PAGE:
No, this time the word is that Google (motto: Don't be evil) is about to end net neutrality, the fundamental principle (until now) that the net is ungoverned and therefore equally open to access by one and all. The word is that Google is about to enter into a bilateral agreement with an outfit called Verizon whereby Minders will be appointed, Gatekeepers if you prefer, to control who goes where and when and how fast. How fast, because part of the plan is to set up fast lanes for heavy users of video and music.
Eric Schmidt, Google's chief executive has explained that Google is merely trying to reach an agreement about what is meant by net neutrality. To me that sounds as though he is trying to change what is meant by it. It seems pretty clear that they are trying to agree exemptions from it, including the possibility of Internet operators offering premium services to some Internet companies
- including, no doubt, Google.
Certainly there are many who fear that Google will be buying preferential access for itself. Not so, not me Guv, says Google. I just saw this fight brewing in the playground and thought that someone ought to get between them. Nip it in the bud before it gets bad. And to be honest, it has been getting bad. There have been worries that the web could break down altogether. The BBC is probably the biggest culprit with its i-player. But there has been an exponential explosion of streaming of all sorts. Nevertheless, the principle that you have as much right to the broadband to sent Aunt Jane your holiday video as the BBC has to make its programmes available to the world, is an important and highly regarded one.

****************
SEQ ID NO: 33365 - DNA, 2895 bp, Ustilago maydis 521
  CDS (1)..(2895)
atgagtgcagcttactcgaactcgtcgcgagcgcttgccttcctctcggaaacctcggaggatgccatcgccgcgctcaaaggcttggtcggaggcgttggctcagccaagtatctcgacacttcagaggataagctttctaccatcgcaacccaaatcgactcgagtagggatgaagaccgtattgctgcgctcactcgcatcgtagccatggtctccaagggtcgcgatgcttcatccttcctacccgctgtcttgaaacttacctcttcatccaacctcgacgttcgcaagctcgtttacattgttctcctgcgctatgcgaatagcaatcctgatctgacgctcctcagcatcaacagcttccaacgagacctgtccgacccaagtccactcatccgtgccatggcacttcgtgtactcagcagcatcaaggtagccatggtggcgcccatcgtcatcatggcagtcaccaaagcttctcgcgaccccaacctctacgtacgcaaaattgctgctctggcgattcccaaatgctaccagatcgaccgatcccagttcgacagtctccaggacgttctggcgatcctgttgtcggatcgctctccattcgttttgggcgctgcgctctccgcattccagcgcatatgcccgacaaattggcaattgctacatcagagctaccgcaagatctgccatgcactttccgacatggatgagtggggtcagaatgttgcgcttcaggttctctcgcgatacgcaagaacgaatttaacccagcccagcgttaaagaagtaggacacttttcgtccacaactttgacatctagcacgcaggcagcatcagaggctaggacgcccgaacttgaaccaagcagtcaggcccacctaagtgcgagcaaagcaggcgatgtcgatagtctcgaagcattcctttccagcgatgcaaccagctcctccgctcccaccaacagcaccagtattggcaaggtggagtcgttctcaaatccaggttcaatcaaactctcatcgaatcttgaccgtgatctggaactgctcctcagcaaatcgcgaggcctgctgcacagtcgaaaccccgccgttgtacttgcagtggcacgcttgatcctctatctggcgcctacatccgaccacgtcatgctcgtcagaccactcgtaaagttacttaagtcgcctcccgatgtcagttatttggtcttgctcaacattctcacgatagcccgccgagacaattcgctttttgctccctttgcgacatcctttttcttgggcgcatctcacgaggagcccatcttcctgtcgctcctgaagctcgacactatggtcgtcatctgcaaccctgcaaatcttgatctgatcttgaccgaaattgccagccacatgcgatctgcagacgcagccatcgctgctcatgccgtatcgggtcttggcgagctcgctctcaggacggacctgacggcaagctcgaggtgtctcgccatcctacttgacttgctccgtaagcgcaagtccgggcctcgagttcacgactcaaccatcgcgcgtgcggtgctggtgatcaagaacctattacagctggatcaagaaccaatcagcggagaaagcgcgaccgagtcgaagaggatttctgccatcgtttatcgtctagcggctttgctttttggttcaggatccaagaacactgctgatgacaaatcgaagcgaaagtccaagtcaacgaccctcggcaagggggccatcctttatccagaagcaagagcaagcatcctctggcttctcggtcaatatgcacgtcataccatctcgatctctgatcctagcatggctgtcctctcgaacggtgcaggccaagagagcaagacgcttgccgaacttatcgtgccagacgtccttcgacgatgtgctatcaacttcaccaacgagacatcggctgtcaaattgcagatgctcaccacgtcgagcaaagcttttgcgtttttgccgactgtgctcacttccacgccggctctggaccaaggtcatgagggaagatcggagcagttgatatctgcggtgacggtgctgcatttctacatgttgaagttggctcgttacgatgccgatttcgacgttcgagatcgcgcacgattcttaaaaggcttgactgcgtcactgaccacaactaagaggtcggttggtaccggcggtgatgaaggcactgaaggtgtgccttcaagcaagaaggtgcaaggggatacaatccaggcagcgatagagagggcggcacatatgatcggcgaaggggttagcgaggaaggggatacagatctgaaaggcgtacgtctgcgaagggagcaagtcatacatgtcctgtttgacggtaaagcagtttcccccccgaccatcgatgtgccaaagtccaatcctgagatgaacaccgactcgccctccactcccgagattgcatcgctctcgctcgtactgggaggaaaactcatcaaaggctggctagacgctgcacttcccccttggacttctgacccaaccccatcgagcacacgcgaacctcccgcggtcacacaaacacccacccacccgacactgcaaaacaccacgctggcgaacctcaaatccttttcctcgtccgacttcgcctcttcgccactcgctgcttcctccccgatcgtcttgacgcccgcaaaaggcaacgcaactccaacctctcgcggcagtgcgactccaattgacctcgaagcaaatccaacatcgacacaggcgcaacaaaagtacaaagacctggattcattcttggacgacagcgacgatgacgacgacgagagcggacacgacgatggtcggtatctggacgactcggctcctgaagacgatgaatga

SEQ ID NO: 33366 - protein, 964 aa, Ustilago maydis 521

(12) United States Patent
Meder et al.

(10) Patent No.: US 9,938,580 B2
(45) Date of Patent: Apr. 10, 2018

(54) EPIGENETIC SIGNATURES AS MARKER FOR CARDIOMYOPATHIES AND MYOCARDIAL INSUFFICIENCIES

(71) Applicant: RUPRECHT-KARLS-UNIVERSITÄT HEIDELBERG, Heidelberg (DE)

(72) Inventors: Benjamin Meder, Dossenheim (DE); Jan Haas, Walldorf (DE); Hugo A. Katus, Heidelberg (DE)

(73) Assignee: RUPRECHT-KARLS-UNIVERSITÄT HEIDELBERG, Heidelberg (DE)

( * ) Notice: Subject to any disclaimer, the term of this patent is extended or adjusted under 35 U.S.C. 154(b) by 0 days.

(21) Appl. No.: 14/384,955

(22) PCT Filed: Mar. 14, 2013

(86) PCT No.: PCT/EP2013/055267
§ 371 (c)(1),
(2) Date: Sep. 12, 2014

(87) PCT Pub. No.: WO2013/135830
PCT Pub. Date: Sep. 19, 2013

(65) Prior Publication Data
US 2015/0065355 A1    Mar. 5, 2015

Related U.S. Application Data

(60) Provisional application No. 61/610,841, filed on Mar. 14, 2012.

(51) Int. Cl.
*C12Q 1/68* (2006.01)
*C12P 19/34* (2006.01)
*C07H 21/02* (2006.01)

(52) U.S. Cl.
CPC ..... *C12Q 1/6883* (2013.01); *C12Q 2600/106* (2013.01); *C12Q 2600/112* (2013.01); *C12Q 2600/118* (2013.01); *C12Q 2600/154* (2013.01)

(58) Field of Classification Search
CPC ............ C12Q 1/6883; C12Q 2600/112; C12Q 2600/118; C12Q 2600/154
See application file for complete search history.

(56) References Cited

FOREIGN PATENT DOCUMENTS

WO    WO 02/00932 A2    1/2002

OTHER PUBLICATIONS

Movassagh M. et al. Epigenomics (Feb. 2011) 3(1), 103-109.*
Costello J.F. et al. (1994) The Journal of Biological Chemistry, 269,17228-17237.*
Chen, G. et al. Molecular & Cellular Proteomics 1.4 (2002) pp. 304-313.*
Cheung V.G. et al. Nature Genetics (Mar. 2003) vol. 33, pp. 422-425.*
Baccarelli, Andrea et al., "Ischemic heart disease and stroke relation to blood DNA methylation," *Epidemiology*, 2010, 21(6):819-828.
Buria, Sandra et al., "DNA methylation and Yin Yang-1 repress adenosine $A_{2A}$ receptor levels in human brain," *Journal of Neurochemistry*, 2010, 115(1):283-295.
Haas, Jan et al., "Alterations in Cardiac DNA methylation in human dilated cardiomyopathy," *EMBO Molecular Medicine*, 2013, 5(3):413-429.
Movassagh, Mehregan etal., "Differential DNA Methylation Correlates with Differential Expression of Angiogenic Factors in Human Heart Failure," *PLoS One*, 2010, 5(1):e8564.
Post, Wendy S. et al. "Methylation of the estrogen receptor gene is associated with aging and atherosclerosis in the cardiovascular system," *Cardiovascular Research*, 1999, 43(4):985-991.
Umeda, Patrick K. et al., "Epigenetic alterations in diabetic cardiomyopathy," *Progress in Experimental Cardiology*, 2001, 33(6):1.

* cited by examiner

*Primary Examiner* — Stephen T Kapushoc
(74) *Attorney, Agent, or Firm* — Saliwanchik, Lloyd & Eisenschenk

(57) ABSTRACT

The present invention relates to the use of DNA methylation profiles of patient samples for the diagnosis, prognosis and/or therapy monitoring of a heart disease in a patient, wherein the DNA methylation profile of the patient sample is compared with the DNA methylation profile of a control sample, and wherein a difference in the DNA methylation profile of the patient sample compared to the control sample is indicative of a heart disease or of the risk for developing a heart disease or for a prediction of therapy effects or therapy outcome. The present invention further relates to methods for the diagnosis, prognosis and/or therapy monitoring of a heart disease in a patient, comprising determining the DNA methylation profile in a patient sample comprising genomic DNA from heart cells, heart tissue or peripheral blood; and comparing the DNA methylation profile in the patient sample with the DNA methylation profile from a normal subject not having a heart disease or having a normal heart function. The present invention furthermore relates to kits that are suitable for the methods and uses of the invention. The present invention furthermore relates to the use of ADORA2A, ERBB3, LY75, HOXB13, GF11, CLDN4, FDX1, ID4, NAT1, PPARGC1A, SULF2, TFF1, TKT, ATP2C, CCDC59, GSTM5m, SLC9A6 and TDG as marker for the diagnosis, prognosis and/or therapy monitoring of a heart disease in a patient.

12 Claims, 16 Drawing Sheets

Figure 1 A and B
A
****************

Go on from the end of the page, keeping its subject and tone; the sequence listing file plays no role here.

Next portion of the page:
Google is its usual reassuring self. It intends, it has said, that any discrimination should be only across data types and not within them. Come again?
Well, they will not give preference to the BBC's colossal streaming excercise over your video to Uncle George, but they might well give such preference to another person's music. Across data types is okay then? Not sure how that helps... And at the end of the day, money will speak volumes, I have no doubt.
I do not like cliches. Should I be pleased that this level playing field is about to go?
they overlook it in the schools
talking to yourself.